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Spindle-cell sarcoma of the heart: A rare cause for a cardiac mass

Spindle-cell sarcoma of the heart: A rare cause for a cardiac mass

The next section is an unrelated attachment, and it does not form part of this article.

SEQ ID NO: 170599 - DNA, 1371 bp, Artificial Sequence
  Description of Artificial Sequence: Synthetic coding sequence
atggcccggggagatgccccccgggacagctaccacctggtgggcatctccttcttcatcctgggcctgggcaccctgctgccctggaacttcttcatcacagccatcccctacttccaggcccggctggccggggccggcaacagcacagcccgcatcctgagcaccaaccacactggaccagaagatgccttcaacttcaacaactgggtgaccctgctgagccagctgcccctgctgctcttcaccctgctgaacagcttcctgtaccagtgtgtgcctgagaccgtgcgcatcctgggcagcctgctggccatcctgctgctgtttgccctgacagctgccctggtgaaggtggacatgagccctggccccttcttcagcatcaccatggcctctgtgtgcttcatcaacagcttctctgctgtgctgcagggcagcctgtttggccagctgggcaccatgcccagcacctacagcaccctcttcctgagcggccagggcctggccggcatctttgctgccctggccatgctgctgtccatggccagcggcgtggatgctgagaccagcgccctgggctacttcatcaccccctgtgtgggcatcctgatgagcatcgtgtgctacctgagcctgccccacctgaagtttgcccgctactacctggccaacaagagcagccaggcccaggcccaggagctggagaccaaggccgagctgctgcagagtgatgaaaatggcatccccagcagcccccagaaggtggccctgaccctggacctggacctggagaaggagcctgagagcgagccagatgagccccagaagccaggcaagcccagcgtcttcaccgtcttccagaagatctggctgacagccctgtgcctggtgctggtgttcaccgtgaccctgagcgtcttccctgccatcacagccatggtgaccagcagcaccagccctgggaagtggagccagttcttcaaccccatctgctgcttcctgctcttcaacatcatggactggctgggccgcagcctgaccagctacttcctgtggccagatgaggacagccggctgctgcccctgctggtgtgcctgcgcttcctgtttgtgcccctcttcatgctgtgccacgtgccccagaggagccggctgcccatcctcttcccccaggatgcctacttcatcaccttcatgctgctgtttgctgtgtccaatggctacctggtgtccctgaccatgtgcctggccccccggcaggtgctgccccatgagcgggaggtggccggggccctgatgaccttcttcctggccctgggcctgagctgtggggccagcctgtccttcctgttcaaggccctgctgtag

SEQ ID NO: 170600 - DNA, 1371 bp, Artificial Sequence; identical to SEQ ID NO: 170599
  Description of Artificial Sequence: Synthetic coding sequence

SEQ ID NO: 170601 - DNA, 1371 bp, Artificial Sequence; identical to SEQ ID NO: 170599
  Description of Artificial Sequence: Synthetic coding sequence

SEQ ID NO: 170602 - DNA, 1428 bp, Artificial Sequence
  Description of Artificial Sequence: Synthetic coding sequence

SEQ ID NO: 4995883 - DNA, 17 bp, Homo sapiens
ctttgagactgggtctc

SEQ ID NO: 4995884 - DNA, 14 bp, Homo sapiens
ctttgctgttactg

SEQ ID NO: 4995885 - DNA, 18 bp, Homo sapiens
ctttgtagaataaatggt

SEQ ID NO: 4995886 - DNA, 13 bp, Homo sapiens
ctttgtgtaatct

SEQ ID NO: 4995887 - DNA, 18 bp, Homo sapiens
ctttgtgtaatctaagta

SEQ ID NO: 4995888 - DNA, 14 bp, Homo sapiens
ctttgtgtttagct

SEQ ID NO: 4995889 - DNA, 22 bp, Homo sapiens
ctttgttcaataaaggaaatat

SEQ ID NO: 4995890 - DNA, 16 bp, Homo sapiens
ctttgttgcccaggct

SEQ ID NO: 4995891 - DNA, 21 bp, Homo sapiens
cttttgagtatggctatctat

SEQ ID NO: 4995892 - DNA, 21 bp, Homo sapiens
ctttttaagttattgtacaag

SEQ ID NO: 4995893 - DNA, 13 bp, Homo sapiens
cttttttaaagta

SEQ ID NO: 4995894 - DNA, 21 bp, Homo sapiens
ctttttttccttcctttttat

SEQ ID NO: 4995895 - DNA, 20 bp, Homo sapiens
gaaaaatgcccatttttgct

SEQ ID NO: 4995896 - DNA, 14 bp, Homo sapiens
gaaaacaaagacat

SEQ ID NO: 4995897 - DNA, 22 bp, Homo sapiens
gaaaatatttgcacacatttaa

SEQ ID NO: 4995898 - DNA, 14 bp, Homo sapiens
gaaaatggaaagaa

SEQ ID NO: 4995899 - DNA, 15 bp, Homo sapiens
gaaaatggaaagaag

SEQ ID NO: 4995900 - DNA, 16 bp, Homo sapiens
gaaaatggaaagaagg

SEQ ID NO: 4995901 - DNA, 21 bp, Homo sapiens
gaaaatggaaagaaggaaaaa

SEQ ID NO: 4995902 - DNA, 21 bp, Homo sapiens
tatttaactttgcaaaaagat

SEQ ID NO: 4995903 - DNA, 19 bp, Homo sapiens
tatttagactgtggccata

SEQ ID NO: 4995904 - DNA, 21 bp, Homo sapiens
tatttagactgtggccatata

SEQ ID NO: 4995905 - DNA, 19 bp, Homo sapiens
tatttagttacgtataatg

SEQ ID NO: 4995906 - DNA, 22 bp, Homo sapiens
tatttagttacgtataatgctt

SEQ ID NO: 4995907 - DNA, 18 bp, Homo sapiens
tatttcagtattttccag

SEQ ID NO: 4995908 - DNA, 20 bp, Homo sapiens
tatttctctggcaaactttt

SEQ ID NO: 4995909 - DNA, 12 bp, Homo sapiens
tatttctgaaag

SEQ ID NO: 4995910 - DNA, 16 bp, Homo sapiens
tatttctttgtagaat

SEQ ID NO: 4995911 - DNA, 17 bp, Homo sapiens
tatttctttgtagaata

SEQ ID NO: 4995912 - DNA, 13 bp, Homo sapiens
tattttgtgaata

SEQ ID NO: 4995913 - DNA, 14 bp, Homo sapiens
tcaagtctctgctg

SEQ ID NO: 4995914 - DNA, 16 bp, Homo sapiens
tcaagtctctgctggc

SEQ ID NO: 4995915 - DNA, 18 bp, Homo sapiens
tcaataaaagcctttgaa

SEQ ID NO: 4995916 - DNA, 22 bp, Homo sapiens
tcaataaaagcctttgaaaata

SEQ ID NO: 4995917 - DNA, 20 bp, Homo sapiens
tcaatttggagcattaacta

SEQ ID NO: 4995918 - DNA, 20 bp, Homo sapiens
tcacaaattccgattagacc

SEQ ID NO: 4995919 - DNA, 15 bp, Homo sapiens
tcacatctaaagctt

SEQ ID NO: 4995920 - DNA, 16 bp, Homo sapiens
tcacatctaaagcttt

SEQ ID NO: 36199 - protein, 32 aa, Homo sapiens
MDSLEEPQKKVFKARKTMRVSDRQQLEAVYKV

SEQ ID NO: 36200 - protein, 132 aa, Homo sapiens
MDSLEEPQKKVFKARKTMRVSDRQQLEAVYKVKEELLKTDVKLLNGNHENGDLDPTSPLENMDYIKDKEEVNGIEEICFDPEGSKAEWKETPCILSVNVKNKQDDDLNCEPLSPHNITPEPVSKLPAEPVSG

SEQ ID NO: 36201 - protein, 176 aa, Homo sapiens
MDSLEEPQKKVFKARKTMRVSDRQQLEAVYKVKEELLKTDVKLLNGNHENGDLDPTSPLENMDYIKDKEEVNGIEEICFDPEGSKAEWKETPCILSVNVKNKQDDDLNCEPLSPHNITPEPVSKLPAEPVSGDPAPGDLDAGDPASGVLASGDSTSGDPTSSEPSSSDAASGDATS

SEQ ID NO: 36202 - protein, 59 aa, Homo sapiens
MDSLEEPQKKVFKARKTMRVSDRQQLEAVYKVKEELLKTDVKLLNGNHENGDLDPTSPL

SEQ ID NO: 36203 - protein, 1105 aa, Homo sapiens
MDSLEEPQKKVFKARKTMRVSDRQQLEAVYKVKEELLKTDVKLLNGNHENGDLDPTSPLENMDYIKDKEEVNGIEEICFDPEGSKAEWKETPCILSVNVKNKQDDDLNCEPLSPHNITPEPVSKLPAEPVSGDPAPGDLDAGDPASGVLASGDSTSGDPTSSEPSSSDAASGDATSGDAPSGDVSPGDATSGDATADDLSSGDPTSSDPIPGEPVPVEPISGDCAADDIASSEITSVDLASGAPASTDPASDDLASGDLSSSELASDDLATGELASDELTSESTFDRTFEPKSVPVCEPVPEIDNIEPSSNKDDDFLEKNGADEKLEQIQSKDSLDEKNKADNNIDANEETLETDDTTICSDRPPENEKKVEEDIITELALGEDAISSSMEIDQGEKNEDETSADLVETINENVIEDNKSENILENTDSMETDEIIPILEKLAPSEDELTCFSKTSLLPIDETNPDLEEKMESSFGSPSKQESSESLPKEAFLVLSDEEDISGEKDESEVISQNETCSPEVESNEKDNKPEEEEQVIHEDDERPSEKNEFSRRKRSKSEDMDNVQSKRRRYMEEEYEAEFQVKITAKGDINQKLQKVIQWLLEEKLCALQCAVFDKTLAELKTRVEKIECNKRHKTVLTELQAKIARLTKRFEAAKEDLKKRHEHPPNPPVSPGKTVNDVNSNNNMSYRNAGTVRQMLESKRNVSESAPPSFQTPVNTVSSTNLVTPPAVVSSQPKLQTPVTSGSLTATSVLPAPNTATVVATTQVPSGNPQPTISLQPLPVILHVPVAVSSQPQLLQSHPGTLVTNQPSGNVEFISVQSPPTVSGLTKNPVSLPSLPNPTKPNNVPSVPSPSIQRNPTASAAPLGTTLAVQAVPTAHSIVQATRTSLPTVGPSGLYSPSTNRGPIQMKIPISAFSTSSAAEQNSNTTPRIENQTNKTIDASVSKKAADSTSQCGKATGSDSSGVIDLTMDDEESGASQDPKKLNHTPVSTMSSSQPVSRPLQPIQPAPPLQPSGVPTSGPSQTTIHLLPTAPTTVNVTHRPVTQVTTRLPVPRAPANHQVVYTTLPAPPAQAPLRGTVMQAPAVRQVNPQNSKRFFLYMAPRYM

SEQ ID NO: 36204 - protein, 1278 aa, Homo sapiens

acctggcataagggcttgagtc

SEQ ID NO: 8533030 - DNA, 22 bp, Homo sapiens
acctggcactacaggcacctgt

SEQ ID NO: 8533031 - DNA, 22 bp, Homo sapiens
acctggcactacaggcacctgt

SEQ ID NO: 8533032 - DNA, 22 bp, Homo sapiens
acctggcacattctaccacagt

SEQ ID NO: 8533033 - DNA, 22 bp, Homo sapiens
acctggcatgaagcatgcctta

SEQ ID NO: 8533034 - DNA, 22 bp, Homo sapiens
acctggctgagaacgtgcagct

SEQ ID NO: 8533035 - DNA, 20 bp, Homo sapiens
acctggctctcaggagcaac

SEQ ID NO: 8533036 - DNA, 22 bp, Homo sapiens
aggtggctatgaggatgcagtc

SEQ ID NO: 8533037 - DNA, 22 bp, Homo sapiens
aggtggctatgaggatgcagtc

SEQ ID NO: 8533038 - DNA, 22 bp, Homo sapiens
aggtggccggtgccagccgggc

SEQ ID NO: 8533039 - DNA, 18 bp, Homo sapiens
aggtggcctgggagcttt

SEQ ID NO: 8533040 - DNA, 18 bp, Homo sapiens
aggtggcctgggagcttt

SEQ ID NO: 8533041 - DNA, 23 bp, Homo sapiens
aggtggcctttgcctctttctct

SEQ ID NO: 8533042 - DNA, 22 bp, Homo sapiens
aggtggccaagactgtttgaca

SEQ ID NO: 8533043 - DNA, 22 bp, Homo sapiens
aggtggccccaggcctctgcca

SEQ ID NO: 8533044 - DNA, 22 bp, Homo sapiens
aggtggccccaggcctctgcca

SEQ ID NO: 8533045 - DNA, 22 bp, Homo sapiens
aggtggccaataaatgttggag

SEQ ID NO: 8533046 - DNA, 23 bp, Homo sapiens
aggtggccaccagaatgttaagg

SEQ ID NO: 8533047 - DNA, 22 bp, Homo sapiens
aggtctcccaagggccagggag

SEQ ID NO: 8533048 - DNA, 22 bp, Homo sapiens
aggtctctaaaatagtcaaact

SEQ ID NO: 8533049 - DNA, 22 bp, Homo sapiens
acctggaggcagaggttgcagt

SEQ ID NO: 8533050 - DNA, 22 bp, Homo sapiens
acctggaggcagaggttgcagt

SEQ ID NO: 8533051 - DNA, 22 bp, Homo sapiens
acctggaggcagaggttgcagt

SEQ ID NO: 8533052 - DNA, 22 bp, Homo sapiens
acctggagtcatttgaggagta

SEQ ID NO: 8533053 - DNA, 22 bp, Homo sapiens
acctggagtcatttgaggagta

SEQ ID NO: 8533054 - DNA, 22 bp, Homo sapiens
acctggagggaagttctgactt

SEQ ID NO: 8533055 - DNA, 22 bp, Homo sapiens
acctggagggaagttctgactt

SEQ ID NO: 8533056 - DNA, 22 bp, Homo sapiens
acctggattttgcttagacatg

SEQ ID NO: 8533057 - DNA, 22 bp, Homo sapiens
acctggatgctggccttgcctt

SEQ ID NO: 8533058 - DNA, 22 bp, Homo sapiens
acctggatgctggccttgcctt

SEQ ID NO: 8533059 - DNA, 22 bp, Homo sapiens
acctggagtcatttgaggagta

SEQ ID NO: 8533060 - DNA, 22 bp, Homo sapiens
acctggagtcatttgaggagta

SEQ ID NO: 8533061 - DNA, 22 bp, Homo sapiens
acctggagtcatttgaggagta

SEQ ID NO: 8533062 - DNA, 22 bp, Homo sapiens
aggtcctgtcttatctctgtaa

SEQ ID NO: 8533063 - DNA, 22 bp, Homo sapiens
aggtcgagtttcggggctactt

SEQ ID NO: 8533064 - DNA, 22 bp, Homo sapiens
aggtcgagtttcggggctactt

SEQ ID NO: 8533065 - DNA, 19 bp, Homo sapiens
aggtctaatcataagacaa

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  Introduction The incidence of primary cardiac tumors is between 0.0017% and 0.019%, with 25% of them being malignant (1-3). These tumors have a poor prognosis due to their di-agnosis at an advanced stage, due to nonspeciÞc symptoms and insufÞcient awareness about these lesions (4). Echocar-diography, CT, and MRI are the primary diagnostic mo-dalities, followed by tissue biopsy. Case report A 46-year-old African-American female presented to her primary care physician with worsening shortness of breath and palpitations of a few weeks' duration. Her past medical history was signiÞcant for right breast cancer, and she was status postmodiÞed radical mastectomy with negative mar-gins and negative lymph nodes. She was initially treated with azithromycin and a tapering dose of steroids. Her condition did not improve, and she then presented to the emergency department with worsening shortness of breath. On admission, the patient was afebrile with mild sinus tachycardia and elevated blood pressure. On clinical ex-amination, she had bilateral lower-extremity edema with no jugular venous distension and no rales on chest auscul-tation. A complete blood count showed leucocytosis, mainly neutrophilic with a microcytic anemia. Blood chem-istry revealed normal renal function with mildly elevated liver-function tests, namely aspartate aminotransferase at 84U/L (reference level 10-31U/L) and alanine amino-transferase at 78U/L (reference level 10-41U/L). Cardiac biomarkers showed elevated serum troponin I at 0.20ng/mL (reference level<0.10ng/mL) and brain natriu-retic peptide at 805pg/mL (reference level<100pg/mL). Chest radiography showed mild cardiomegaly, with no focal consolidation or pleural effusion. The patient was treated with intravenous diuretics, and her symptoms im-proved with diuresis. Computed tomography angiography (CTA) of the chest was performed due to elevated d-dimer at 1.22mg/L (reference level<0.59mg/L). It showed no evidence of acute pulmonary thrombo-embolic disease but showed masslike low density along the anterolateral left ventricular walls at the mid and apical levels (Fig. 1). Dif-ferential considerations at that time included a thrombus, asymmetric hypertrophic cardiomyopathy, and a cardiac neoplasm. Transthoracic echocardiography showed an ejection fraction of 25-30%, with global hypokinesis of the left ventricle (Fig. 2). A large isoechoic mass was seen along the anterior to anteroseptal wall. There was mild systolic mitral regurgitation and moderate-to-severe tricuspid re-gurgitation. The right ventricular systolic pressure was 66 mmHg. Cardiac MRI was performed to further evaluate for a left-ventricular mass versus thrombus. It showed a large heterogeneneous mass (Fig. 3) involving the anterior wall of the left ventricle from the base to apex and extend-ing into the portions of the anterolateral and anteroseptal RCR   Radiology Case Reports |   1   2012 | Volume 7 | Issue 4 Spindle-cell sarcoma of the heart: A rare cause for a cardiac mass Sanjay Mehra, MD; Osman Ibrahim, MD; Mariam Moshiri, MD; John Cahill, MD; and Puneet Bhargava, MDPrimary cardiac tumors are rare and are usually diagnosed at an advanced stage due to nonspeciÞc symptoms. We report a 46-year-old female who presented to our institution with shortness of breath and was diagnosed with a cardiac spindle-cell tumor. Wide surgical resection is the cornerstone for therapy for cardiac sarcomas. Our patient was considered inoperable due to the extent of the tumor. Citation : Mehra S, Ibrahim O, Moshiri M, Cahill J, Bhargava P. Spindle-cell sarcoma of the heart: A rare cause for a cardiac mass. Radiology Case Reports  . (Online) 2012;7:792. Copyright: © 2012 The Authors.  This is an open-access article distributed under the terms of the Creative Commons Attribution-NonCommercial-NoDerivs 2.5 License, which permits reproduction and distribution, provided the srcinal work is properly cited. Commercial use and derivative works are not permitted.Drs. Mehra, Ibrahim, and Cahill are in the Department of Cardiovascular Sciences at East Carolina University, Greenville, NC. Drs. Moshiri and Bhargava are in the De-partment of Radiology at the University of Washington School of Medicine, and Dr. Bhargava is also Staff Radiologist at the VA Puget Sound Health Care System, Seattle WA. Contact Dr. Mehra at Competing Interests:  The authors have declared that no competing interests exist. DOI: 10.2484/rcr.v7i4.792   Radiology Case Reports Volume 7, Issue 4, 2012  walls. The mass was heterogeneous in signal intensity, with peripheral enhancement on the delayed images. Central areas of nonenhancement were seen, likely due to necrosis. LV was mildly dilated, with severe hypokinesis/akinesis of the basal to apical anterior wall. The estimated LVEF was 45-50%.The cardiothoracic surgery unit recommended a PET-CT, which revealed hypermetabolic activity along the ante-rior and anterolateral wall of the left ventricle correspond-ing to the location of the mass seen on CT. Differential considerations included metastatic breast carcinoma and sarcoma. The patient subsequently underwent a left ante-rior thoracotomy. Intraoperatively, the mass on the anterior lateral surface of the left ventricle was identiÞed, which was Spindle-cell sarcoma of the heart: A rare cause for a cardiac mass RCR   Radiology Case Reports |   2   2012 | Volume 7 | Issue 4 Figure 1. 46-year-old female with spindle-cell sarcoma of the heart. Axial CT angiography image showed a large mass (asterisk) in the region of the left ventricle. Incidentally noted were also a small right pleural effusion and a right breast implant.Figure 2. 46-year-old female with spindle-cell sarcoma of the heart. Parasternal long-axis (A) and short-axis (B) views showed an echogenic mass in the left ventricular lumen (asterisk) and thickening of the left ventricular wall. Figure 3. 46-year-old female with spindle-cell sarcoma of the heart. Short-axis (A) and 4-chamber (B) bright-blood MRI images showed a mass in the left ventricle with predominantly hyperintense T2 signal. A fat-suppressed, postcontrast, T1-weighted, short-axis image (C) showed heterogeneous enhancement in the mass lesion.  lateral to the left anterior descending artery and superior from the apex. Neovascularity was noted on the surface of the mass. The location of the mass was conÞrmed by pal-pation on transesophageal echocardiography. The Þrst set of specimens was sent for frozen section, the result of which was consistent with carcinoma with spindle-cell ele-ments. After the frozen section, two additional core needle biopsies were taken. Postoperatively, the patient developed hypotension and acute kidney injury, for which she required vasopressor support and intravenous ßuids. She improved gradually and was weaned off vasopressor support. Diu-retic therapy resumed. Pericardial ßuid cytology and cell block yielded reactive mesothelial cells and macrophages. Cells diagnostic of malignancy were not identiÞed. A left-ventricular-mass core biopsy (Fig. 4) was performed. The tumor had a Ki-67 proliferative index of 80%. Tumor cells were negative for AE1/3, actin, desmin, ALK-1, HMB-45, CD31, CD34, and S-100. A preliminary diagnosis of un-classiÞed, high-grade, spindle-cell sarcoma was made. Due to a large tumor burden, our patient was considered inop-erable and is currently receiving chemotherapy. After che-motherapy, her surgical options will be re-evaluated. Discussion Transthoracic echocardiography (TTE) is the primary imaging modality for the initial diagnosis of intracardiac masses. TTE is noninvasive and inexpensive, and it pro-vides functional information in addition to morphological details in multiple planes. However, its effectiveness can be limited by patient habitus and operator experience. Transe-sophageal echocardiography (TEE) provides better resolu-tion, as it allows for use of higher-frequency transducers. However, besides being an invasive procedure, TEE also provides limited soft-tissue characterization and visualiza-tion of the mediastinum. Imaging with CT overcomes some of the limitations of echocardiography and provides superior soft-tissue contrast, with improved detection of fat and calciÞcation. Cardiac MRI (CMRI) has even better soft-tissue characterization than CT and echocardiography, and allows functional assessment. CMRI is useful in the depiction of extracardiac involvement and intrinsic myo-cardial disease. The limitations of CMRI include cost and dependence on regular electrocardiographic rhythms and cardiac gating (5).Metastatic cardiac tumors outnumber primary cardiac tumors by 20-40 times. The most common primary cardiac tumor is angiosarcoma, which tends to involve the pericar-dium and occurs most often in the right atrium. Rhabdo-myosarcoma is the most common primary cardiac malig-nancy in children and tends to favor involvement of the valves. Undifferentiated sarcomas are most commonly seen to occur in the left atrium. Some of the other pathological types include Þbrosarcoma, primary osteogenic cardiac sarcoma, leiomyosarcoma, liposarcoma, and primary car-diac lymphomas. Primary cardiac lymphomas are seen most commonly in immunocompromised individuals and may respond to chemotherapy. Leiomyosarcoma, primary osteogenic cardiac sarcoma, and Þbrosarcoma tend to favor the left atrium. Liposarcomas often present as large inÞl-trating masses, while osteogenic sarcomas may be distin-guished by the frequent presence of calciÞcation. Advances in imaging technology now allow for earlier detection of these rare malignancies (5).Wide surgical resection is the cornerstone for therapy for cardiac sarcomas. Some cardiac tumors are sensitive to radiation and chemotherapy. Cardiac transplantation is sometimes considered for eligible patients with inoperable sarcomas. Park JH et al (6) have described a 59-year-old female who initially presented with chest pain and had coronary angiography, revealing critical stenosis of the left main coronary artery ostium. Subsequent echocardiogra-phy showed pericardial effusion; after that, coronary mul-tidetector computed tomography (MDCT) angiography showed a cardiac mass compressing the left main coronary artery ostium. The patient was treated with radical surgical excision of the tumor mass. Microscopic examination of the tumor revealed spindle cells exhibiting nonspeciÞc dif- Spindle-cell sarcoma of the heart: A rare cause for a cardiac mass RCR   Radiology Case Reports |   3   2012 | Volume 7 | Issue 4 Figure 4. 46-year-old female with spindle-cell sarcoma of the heart. Low-power 4x (A) and high-power 40x (B) im-ages. On pathology, highly cellular   spindle-cell proliferation in a   fascicular growth pattern was noted, along with hemangiopericytoma-like vasculature ("staghornÓ conÞgura-tion) surrounded by spindle cells.   The cells had a scant amount   of acidophilic cytoplasm, and the nuclei were cigar-shaped or blunt-ended and curved with variable atypia. Mitotic Þgures were common (6-10 per high-power Þeld), and   atypical   mitosis was also seen.  ferentiation. Mayer F et al (7) described a series of 14 pa-tients with sarcomas arising from the heart or the great vessels. One of the patients had a polymorphic spindle-cell sarcoma, which responded very well to complete resection and palliative chemotherapy with Doxorubicin and Ofos-famide. This patient had no evidence of disease at 156 months of followup. The median survival among patient in this case series was 17 months. Certain histological types, like EwingÕs sarcoma and potential embryonal rhabdomyo-sarcoma (PNET), were more responsive to chemotherapy. Even if curative resection is not achievable, surgical debulk-ing may provide hemodynamic relief. Although we have made considerable advances in imag-ing techniques, early detection of cardiac sarcomas is lim-ited by lack of early symptoms and subsequent delay in patient presentation. Prognosis depends on the histopathol-ogy as well as the location and extent of the speciÞc tumors.  Acknowledgements: We would like to acknowledge Rongqin Ren, PGY-2 Resident, Dept. of Pathology, ECU Greenville, NC, for her assistance in procuring the pathology images and in formu-lating the legends for the pathology images. References 1.   Straus MR. Primary tumors of the heart.  Arch Pathol   1945; 39:74-78. 2.   Reynen K. Cardiac myxomas.  N Engl J Med   1995; 333:1610-1617. [ PubMed ] 3.   Burke AP, Cowan D, Virmani R. Primary sarcomas of the heart. Cancer   1992; 69:387-395. [ PubMed ] 4.   G. Shanmugam. Primary cardiac sarcoma.  European  Journal of Cardio-thoracic Surgery  2006; 29:925-932. [ PubMed ]5.   Araoz PA, Eklund HE, Welch TJ, Breen JF. # CT and MR imaging of primary cardiac malignancies.  Radio- graphics  1999; 19:1421-1434. [ PubMed ] 6.   Park JH, Choe H, Jang WI, Hur G. Primary pericar-dial spindle cell sarcoma mimicking left main coronary artery disease.  European Journal of Cardio-Thoracic Surgery  2012; 41:1179-1181. [ PubMed ] 7.   Meyer F, Aebert H, Rudert M, et al. Primary malig-nant sarcomas of the heart and great vessels in adult patients - A single-center experience. The Oncologist   2007; 12:1134-1142. [ PubMed ] Spindle-cell sarcoma of the heart: A rare cause for a cardiac mass RCR   Radiology Case Reports |   4   2012 | Volume 7 | Issue 4